Plan F was the most popular Medicare Supplement plan in the past. MACRA legislation that becomes effective on January of 2020 has a big impact on that. People new to Medicare beginning January 1, 2020 and after, cannot own a Plan F under the new MACRA Legislation. Congress does not want folks to own a plan with $0 deductible and has enacted the law to prohibit those folks from owning one. For the new to Medicare Folks the plan now to own is Plan G. Identical to Plan F with the ONLY exception being that with the Plan G you must pay the Medicare Part B deductible which was $185 in 2019. Those who had Medicare prior to December 31, 2019 are grandfathered and can own and purchase a new Plan F for years into the future.
If you want to keep working and stay covered by your employer plan there are two possible answers.
1) If there are 20 or more emplyees there you will want to pick up part A of Medicare Only – it is free. Medicare will be secondary to your employer plan. If you know in advance call me about three months before you retire and I will walk you through how to add part B of Medicare with no penalty and help you get set up with a Medicare Health Plan. You DO NOT want part B of medicare because it will just lay there and do nothing and cost you money to have it. When you add part B of Medicare later it triggers a new open enrollment period and protects your insurability.
2) If there are fewer than 20 employees there – You MUST have both parts A and B of Medicare as under this scenario Medicare is Primary to employer coverage. NOTE – if this is you, I strongly suggest that you not stay on the employer plan and enroll in a Medicare plan right away since your open enrollment period ends six months after your Part B effective date and you would have to prove insurability to add a Medicare Supplement Plan after that open enrollment period ends.
When you are new to Medicare part B (first six months) a company has to take you and they have to pay for you. After that six month open enrollment window, they can ask the medical quesitons and turn you down. NOTE that if you have something that needs to be fixed - once it is fixed and you have the all clear from the doctor you become insurable once again. (for Cancer you must be cancer free for 2 years to be insurable once again)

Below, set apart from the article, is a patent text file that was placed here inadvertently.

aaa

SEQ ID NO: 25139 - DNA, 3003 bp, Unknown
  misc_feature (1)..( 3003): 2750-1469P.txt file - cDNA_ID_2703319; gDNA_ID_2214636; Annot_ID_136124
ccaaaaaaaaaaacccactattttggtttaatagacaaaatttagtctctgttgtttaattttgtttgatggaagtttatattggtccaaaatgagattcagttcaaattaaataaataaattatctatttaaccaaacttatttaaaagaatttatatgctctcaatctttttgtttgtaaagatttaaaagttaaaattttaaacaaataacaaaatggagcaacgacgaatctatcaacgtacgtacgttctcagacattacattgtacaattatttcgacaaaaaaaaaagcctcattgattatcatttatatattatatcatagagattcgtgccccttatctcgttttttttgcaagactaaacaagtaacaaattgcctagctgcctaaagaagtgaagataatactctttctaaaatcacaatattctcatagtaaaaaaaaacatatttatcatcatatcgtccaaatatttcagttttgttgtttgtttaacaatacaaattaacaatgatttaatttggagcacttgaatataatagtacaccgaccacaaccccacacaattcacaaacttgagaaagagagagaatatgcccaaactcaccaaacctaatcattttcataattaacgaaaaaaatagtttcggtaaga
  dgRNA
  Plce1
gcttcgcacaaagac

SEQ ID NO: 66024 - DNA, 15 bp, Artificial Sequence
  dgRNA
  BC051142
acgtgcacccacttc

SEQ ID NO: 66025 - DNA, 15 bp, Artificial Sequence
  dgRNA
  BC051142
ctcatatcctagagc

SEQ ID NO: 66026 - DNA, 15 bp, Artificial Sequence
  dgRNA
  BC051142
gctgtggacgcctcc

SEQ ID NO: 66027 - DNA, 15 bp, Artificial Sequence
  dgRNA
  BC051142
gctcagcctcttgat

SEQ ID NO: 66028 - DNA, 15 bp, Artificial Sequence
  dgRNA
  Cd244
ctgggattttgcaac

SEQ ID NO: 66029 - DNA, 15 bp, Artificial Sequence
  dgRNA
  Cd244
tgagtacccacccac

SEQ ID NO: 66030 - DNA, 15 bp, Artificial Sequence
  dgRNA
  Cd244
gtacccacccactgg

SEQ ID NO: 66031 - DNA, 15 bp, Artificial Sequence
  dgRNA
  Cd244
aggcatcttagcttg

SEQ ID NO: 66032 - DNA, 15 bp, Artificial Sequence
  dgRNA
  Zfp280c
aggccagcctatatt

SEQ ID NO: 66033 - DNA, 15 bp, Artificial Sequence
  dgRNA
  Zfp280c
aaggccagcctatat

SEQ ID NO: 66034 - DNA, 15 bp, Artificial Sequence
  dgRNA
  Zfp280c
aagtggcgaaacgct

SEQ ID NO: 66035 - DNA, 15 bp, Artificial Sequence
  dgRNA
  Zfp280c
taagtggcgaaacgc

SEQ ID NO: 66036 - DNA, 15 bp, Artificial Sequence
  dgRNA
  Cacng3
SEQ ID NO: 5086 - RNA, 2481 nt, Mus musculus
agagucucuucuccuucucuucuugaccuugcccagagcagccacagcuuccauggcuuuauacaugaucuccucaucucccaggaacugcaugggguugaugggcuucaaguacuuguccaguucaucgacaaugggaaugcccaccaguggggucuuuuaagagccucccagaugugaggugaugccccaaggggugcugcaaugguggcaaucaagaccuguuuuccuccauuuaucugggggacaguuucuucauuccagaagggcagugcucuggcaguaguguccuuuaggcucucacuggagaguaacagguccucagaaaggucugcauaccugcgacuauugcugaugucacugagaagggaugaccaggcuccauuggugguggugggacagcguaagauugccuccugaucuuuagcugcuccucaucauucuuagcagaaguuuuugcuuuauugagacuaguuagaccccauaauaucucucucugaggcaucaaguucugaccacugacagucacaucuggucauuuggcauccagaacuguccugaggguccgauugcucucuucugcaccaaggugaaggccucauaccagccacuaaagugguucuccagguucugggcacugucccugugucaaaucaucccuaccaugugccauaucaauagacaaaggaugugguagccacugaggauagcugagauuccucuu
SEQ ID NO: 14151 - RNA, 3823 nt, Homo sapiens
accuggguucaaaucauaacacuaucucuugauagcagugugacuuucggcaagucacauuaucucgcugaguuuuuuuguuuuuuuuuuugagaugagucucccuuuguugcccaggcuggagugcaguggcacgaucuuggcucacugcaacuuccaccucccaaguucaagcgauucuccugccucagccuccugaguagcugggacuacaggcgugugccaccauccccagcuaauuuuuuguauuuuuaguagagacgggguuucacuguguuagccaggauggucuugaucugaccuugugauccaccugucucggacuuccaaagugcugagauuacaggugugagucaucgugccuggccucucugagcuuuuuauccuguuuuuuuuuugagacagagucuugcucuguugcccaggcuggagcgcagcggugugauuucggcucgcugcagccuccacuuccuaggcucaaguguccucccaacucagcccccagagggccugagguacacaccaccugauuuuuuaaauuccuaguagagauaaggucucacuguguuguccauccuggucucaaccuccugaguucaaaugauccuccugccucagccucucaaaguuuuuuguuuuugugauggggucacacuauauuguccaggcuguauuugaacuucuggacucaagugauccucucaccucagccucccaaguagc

For those who start Medicare after January 1st 2020 – they cannot purchase a Plan F.
For those who start Medicare before January 1st 2020 – they will be able to purchase a plan F after January 1, 2020.
Therefore, if you choose a Plan F now you can change carriers and get a new plan F later on as you would be grandfathered in.
No there is not – you pay the same premium if you have an agent as a go between to troubleshoot any problems that may arise as you would had your purchased directly from a company. Remember that purchasing directly from a company provides no service support like you get with an agent.
NO – you can see any doctor that takes Original Medicare.
If you enroll in a Medicare Advantage plan you may be limited to a subset of providers that take
that company’s plan.
NOTE – Medicare Select Plans have facility Resrictions such as which hospital you can use – I Strongly recommend that one stays away from Medicare Select plans and stick with Traditional Medicare Supplement plans to avoid this problem.
Absolutely NO referrals are required for ALL Medicare Supplement plans. You get to see who you want when you want to see them with NO Gatekeepers.
YES – but after six months pass from your Medicare Part B effective date the open enrollment window closes and you would have to prove insurability to move up in coverage. The Medical Underwriting is easier than one might think, but there are plenty of situations that would cause a company to decline such a move.